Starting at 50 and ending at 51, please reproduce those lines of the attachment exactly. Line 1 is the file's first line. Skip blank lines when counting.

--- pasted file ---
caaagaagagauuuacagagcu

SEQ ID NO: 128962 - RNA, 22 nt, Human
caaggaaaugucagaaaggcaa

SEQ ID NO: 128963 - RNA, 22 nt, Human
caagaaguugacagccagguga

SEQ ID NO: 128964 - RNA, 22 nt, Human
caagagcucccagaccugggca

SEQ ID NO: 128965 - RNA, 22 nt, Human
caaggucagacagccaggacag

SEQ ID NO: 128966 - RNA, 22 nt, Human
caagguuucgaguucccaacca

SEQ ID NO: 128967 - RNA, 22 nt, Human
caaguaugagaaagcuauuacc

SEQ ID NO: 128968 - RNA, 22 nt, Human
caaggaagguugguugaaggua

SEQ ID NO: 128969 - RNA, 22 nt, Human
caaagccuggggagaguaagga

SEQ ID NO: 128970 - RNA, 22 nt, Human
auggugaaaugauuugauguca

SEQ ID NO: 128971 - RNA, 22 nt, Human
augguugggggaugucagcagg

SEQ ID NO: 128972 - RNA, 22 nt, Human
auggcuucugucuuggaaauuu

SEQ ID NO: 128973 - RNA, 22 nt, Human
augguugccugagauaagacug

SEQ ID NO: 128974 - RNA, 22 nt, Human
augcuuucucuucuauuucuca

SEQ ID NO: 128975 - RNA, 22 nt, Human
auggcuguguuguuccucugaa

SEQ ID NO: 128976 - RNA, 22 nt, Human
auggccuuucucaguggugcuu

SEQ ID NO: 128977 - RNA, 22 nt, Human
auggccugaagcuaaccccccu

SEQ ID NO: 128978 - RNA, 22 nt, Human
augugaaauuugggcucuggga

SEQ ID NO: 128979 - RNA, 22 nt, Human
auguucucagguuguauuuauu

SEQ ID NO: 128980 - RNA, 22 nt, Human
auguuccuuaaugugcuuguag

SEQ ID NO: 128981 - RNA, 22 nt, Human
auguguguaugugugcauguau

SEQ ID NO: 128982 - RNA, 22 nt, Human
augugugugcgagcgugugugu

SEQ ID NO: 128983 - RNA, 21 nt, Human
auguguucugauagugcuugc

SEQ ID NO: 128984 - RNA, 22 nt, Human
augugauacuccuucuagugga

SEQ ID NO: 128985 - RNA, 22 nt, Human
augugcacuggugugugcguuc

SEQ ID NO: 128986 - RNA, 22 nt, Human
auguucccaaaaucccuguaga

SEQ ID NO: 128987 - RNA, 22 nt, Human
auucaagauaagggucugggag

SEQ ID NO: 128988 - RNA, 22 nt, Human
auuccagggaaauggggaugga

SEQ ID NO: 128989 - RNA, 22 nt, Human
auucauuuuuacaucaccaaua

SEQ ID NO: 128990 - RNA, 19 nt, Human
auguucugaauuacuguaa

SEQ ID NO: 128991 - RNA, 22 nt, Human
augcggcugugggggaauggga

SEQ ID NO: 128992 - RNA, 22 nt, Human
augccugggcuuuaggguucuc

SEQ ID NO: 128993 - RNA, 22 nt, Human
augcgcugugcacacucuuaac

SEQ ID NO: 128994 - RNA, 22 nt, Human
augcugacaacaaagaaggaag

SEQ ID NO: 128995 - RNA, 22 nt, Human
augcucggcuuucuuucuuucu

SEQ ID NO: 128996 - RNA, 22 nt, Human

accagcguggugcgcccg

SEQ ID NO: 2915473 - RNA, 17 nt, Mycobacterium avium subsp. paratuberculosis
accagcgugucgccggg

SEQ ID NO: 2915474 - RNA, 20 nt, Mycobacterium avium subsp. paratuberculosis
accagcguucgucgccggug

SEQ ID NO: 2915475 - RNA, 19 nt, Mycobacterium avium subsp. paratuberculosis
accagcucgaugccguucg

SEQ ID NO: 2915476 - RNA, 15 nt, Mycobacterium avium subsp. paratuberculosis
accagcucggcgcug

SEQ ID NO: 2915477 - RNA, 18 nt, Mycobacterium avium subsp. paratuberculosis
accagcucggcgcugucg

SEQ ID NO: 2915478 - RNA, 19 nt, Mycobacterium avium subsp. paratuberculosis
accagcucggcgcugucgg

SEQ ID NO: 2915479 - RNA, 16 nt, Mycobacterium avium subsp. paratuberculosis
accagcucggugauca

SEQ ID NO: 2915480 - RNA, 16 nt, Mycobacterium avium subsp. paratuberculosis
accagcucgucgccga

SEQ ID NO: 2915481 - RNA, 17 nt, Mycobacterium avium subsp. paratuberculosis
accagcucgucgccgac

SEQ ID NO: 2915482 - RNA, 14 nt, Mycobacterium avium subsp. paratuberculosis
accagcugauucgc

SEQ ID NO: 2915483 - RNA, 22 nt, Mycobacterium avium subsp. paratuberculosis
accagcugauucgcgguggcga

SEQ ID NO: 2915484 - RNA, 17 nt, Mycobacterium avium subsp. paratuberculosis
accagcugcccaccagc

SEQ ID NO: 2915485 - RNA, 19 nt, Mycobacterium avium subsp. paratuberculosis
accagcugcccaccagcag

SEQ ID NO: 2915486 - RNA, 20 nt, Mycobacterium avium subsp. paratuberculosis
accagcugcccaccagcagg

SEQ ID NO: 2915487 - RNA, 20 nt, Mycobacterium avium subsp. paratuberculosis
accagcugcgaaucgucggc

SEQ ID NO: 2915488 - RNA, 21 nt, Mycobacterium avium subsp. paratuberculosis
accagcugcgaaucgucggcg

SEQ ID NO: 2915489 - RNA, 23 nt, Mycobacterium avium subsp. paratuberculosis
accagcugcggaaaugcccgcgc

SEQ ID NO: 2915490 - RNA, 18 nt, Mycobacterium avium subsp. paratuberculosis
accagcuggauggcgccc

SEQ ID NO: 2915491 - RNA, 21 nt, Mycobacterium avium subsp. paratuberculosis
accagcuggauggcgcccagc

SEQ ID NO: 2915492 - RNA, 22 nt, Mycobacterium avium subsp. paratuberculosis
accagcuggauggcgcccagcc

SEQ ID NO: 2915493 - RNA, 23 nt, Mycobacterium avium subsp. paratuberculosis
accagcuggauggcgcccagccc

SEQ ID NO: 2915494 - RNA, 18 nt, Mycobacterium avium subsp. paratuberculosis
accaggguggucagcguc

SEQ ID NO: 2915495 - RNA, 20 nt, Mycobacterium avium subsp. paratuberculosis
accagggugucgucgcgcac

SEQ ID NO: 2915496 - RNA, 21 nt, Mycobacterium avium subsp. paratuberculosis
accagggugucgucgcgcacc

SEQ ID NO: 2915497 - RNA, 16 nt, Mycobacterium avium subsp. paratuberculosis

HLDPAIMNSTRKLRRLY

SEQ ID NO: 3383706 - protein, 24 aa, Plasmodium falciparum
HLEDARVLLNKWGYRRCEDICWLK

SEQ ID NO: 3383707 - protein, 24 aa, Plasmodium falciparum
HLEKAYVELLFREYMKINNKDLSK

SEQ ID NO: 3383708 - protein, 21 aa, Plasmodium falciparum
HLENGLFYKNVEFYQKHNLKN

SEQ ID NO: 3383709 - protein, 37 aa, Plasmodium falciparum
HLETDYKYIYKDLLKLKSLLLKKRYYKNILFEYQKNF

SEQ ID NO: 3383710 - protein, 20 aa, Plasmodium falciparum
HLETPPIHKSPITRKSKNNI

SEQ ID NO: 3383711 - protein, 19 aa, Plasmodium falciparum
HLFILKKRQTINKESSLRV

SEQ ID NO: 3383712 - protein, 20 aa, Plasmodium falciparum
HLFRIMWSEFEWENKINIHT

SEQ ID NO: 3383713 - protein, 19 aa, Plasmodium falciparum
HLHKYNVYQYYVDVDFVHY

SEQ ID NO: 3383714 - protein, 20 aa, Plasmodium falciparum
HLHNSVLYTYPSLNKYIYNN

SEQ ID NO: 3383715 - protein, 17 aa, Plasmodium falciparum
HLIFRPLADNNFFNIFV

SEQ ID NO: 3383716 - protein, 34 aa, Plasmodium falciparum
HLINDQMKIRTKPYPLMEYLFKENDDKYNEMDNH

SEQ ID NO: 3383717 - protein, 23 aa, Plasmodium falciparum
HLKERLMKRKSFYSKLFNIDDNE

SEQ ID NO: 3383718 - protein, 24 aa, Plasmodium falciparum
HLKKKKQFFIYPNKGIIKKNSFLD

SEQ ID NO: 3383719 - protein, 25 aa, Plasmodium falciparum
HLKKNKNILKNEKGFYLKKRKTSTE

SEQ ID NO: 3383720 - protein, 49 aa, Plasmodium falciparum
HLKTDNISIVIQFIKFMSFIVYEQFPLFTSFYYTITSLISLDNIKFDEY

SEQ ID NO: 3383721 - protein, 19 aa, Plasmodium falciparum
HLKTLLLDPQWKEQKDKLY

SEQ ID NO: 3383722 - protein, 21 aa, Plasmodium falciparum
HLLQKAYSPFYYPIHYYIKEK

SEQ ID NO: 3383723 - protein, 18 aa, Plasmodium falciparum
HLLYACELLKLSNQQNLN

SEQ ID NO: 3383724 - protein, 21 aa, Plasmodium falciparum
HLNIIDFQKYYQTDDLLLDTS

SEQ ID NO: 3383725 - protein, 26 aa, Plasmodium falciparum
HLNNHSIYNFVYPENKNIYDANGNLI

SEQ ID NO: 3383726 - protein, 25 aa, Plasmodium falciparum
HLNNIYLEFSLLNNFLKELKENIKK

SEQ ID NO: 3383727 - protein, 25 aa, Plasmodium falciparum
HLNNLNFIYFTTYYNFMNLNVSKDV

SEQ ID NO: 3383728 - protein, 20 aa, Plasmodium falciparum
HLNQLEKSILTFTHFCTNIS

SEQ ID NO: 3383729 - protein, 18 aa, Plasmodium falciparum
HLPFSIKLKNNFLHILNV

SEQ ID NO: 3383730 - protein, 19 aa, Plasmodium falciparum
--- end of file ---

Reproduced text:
SEQ ID NO: 128986 - RNA, 22 nt, Human
auguucccaaaaucccuguaga